All in the geometry: Aaron Robin’s passion as a boy morphed into gem, mineral business | TheUnion.com

All in the geometry: Aaron Robin’s passion as a boy morphed into gem, mineral business

Crystal Junction

Address: 101 Argall Way, Nevada City

Hours: Tuesday-Saturday, noon to 6 p.m.

Phone: 510-851-1130

Instagram: CrystalJunctionGems

Email crystaljunctiongems@gmail.com

Aaron Robin was barely 6 years old when he discovered Dave’s Rock Shop in his Chicago neighborhood. At the time, it was the biggest gem and mineral store in the city and Robin found it endlessly fascinating. His early collection of tumbled stones quickly evolved along with his knowledge of fossils, minerals and rocks.

At age 19, Robin launched his own online jewelry wire-wrapping company, and began buying materials at gem shows and from friends who were also collectors. Jewelers were impressed by his work and began carrying his pieces in their stores. A lover of The Grateful Dead, Robin spent much of his youth following the band, it was through music that Robin began to build his most significant business connections. In 2013, Robin invested all the money he had — $5,000 — to buy a claim in a mine in Hallelujah Junction, located in Washoe County, Nevada.

“The uncle of a friend I’d met through music was one of the original claim owners,” said Robin. “I did a lot of research on the area and knew it would be prolific. We found amethysts every day. We pulled six tractor trailers full of crystals out that first year.”

Robin spent a year traveling to gem shows and selling pieces from his collection wholesale. Through his travels — and yet more Grateful Dead connections — he was then able to form partnerships with dealers in Namibia.

“I was able to make good connections in Africa,” said Robin. “In 2016 I started importing large pallets of aquamarine, black tourmaline and amethyst. This put me in a good position to sell to museums and high end galleries. Namibian amethyst is considered to be highly spiritual and metaphysical. This was what brought me into the upper echelon of the gem and mineral industry.”

CONNECTION TO THE STONES

The profit made from the Namibian pieces were also what eventually enabled Robin to consider opening his own store.

“I got tired of setting up and taking down displays,” he said. “I had established clients who traveled from the Bay Area, Oregon, Southern California, the Midwest and the East Coast. Sometimes I would have a showing in my garage.”

In the summer of 2016, after extensive renovation, Robin opened his store, Crystal Junction, in the Seven Hills business district of Nevada City. A year later, when a fabric store next door vacated, Robin began collaborating with curator and art dealer Brian Chambers, who owns the Chambers Project, a continually evolving art space that showcases contemporary paintings and sculpture.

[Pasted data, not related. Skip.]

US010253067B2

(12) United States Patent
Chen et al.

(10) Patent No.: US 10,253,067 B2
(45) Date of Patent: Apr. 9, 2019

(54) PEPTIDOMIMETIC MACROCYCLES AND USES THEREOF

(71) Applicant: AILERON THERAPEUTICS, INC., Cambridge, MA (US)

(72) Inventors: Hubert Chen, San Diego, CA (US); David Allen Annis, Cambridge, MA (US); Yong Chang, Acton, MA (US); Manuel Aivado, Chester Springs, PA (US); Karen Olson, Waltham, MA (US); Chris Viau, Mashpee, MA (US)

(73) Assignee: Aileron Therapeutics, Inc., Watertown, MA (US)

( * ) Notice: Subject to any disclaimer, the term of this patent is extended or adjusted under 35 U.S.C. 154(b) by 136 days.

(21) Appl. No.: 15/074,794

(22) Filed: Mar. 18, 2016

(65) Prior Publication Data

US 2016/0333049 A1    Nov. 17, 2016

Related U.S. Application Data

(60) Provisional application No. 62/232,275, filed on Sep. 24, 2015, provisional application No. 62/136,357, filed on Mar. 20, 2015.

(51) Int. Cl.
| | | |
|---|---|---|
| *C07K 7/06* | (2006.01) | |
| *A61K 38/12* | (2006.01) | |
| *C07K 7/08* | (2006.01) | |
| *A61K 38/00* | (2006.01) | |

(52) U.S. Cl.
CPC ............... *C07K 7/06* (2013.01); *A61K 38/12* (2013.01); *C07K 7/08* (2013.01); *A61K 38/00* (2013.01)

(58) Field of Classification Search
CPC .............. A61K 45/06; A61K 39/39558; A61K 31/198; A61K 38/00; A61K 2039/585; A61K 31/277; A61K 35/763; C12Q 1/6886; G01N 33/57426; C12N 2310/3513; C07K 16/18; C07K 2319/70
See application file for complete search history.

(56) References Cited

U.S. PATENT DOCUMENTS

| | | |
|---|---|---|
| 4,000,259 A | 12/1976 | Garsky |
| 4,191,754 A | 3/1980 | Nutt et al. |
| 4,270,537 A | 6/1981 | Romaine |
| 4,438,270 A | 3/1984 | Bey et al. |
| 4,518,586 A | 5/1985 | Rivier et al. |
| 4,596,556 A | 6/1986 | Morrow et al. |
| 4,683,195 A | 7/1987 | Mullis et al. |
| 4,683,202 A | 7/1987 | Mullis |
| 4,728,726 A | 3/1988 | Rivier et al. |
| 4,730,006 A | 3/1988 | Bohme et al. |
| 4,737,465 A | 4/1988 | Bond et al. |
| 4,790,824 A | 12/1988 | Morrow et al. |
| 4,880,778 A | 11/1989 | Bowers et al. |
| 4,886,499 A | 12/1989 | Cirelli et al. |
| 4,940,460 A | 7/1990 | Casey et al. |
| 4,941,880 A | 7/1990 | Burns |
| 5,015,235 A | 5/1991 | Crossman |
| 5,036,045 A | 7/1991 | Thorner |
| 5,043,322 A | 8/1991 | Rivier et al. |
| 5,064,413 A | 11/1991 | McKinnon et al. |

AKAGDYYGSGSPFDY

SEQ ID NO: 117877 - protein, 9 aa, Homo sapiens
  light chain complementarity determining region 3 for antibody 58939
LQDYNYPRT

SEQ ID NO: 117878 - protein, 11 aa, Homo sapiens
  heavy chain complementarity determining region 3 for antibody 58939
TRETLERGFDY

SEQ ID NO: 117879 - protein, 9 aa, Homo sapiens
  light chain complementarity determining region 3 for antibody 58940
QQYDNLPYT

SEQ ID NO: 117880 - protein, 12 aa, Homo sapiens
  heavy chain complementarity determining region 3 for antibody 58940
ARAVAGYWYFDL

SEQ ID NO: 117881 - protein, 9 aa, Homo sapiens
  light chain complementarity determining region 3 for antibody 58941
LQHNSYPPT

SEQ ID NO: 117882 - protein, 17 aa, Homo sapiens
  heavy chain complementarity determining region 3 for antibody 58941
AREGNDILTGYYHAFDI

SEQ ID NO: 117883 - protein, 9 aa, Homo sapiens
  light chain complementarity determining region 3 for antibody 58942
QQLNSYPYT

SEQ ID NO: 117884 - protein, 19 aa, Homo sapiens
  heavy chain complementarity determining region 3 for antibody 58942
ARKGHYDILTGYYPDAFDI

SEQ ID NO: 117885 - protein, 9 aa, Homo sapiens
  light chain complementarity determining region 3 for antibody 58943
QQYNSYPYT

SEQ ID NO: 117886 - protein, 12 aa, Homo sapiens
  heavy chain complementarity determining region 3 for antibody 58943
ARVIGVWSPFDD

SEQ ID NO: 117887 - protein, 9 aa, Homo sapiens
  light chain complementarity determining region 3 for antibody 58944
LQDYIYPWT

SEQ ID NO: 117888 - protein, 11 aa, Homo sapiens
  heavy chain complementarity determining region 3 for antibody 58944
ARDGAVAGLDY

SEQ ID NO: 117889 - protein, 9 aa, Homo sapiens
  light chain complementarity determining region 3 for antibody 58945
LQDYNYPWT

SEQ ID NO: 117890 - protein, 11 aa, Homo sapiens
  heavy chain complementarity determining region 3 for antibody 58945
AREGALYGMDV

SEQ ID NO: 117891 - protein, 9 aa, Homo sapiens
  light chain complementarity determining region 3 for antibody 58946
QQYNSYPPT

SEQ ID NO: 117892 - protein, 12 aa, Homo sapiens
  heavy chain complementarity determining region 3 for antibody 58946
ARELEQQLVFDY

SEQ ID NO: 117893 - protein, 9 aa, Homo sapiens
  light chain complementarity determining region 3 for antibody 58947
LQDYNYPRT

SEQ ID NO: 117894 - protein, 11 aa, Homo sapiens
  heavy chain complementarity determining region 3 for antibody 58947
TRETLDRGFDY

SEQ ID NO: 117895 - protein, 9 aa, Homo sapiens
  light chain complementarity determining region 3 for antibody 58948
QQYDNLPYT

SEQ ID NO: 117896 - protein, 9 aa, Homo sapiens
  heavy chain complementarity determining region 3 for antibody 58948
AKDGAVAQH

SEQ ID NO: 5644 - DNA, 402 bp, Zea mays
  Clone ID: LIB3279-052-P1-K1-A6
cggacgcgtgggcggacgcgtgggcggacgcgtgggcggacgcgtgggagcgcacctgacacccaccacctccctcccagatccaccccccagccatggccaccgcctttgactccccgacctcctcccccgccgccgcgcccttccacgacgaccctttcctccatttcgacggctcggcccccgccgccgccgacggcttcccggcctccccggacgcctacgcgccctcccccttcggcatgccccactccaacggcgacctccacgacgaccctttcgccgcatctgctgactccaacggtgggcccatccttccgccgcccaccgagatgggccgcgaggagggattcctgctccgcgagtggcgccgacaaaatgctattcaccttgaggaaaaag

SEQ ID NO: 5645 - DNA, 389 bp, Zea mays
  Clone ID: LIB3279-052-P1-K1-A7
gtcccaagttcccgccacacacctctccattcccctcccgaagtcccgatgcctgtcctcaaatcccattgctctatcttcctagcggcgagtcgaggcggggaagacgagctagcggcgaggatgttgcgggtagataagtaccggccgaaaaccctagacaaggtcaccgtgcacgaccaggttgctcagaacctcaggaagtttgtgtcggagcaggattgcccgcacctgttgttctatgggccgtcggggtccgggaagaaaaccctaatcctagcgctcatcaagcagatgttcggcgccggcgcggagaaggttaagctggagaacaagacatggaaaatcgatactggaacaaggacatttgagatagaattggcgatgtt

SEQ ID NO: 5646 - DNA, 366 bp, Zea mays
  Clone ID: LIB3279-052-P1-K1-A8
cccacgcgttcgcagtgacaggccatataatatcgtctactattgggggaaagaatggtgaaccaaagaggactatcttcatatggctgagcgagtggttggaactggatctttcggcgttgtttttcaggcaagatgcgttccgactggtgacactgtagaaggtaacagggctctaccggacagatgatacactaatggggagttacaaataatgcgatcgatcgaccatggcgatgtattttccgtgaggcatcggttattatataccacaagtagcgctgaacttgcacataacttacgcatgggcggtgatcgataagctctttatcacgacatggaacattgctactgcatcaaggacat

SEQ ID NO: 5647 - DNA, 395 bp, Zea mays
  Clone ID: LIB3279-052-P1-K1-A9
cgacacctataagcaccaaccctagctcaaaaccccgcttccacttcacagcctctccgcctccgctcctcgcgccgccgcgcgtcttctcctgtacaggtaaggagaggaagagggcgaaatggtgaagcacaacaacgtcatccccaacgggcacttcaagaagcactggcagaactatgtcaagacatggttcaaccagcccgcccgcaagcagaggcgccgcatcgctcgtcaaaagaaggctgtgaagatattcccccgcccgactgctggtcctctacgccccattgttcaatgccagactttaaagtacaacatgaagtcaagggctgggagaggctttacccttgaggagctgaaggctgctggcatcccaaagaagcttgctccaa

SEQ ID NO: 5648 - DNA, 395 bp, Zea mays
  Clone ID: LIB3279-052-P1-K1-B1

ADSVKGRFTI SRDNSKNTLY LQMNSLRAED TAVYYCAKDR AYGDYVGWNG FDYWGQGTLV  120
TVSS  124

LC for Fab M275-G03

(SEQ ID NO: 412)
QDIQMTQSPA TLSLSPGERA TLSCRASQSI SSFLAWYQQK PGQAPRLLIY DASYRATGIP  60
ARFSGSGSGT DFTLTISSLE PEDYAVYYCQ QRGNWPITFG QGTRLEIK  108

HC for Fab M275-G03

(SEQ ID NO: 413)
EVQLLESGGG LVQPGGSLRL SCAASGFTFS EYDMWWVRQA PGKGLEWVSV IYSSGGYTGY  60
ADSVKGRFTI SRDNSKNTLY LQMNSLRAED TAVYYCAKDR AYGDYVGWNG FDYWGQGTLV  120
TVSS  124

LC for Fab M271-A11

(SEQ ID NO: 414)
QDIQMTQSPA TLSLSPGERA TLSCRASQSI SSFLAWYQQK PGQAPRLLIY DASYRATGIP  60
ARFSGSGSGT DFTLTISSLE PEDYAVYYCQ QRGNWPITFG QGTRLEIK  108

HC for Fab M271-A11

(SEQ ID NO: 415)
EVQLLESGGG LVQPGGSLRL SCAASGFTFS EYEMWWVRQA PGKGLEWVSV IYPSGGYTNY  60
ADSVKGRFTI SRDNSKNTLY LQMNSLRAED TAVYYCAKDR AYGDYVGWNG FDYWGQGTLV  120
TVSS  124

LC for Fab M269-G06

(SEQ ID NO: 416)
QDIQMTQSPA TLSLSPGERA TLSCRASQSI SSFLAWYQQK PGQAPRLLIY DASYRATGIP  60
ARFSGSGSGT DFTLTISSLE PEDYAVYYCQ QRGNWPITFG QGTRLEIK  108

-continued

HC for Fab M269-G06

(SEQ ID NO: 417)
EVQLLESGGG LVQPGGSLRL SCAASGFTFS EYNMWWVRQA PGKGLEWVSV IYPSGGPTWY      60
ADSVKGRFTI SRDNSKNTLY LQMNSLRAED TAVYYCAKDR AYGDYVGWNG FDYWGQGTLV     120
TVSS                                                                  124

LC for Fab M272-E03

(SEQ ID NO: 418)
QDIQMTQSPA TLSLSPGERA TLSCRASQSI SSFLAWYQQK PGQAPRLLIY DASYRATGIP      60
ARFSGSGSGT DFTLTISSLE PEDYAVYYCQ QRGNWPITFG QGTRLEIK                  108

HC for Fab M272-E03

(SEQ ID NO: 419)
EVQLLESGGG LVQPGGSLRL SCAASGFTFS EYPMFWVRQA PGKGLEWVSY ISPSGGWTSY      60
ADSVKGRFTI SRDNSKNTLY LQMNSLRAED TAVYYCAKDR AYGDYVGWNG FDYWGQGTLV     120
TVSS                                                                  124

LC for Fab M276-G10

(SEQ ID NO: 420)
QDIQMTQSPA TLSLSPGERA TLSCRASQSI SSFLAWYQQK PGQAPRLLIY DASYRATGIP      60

Crystal Junction boasts an impressive collection of rocks, minerals, gems and more, with prices that accommodate the youngest collectors to high end clients. There is also a selection of sterling silver single-stone jewelry for sale. But the bulk of Robin’s sales, he says, is mid to high end cabinet-sized fine mineral specimens. Every stone is hand-picked for its perfection, color and clarity. He is sometimes known to personally drive pieces to shows or specific customers. Today, at the age of 34, integrity and honesty in all business dealings, he said, has been the recipe for his remarkable success.

“When I was a kid I had a spiritual connection to stones,” said Robin. “But as I grew older, I became more aware of the reasons why people are attracted to them. For me, it’s not super ‘woo woo’ — there is a lot of power in geometry, in how molecules are ordered. It’s not something you normally see in organic materials. It’s a novel experience for the human brain to experience. It can have a profound effect on someone’s psyche and unlock things in your ancestral DNA that can heal you. They’re not magical, but they do contain information.”

FULL CIRCLE

Several years ago Robin experienced a full-circle moment when, at a Houston gem show, he ran into the owner of the rock shop he had loved so much as a boy.

“I told him I was the 6 year old who used to come in,” said Robin. “It was amazing — I’ve seen him at other shows since.”

Going forward, Robin, who is now married with children, says he is happy with the way his life and business has panned out. He said doesn’t have any big plans to expand, other than cultivating a broader sense of community around the art in the shared space on Argall Way.

“When I sell someone a rock, you never know what they’re going to go through in their life when they buy it,” said Robin, who regularly wears a Tanzanian star garnet around his neck. “You never know why they’re buying it. But I see them go off on their journey. Sometimes I’ll see a person years down the road and they’ll pull a rock out of their pocket and tell me stories about how it helped them. You can see the medicine and energetic exchange that can manifest years later, and the effect it’s had on someone’s personal life.”

Contact Cory Fisher at cfisher@theunion.com.


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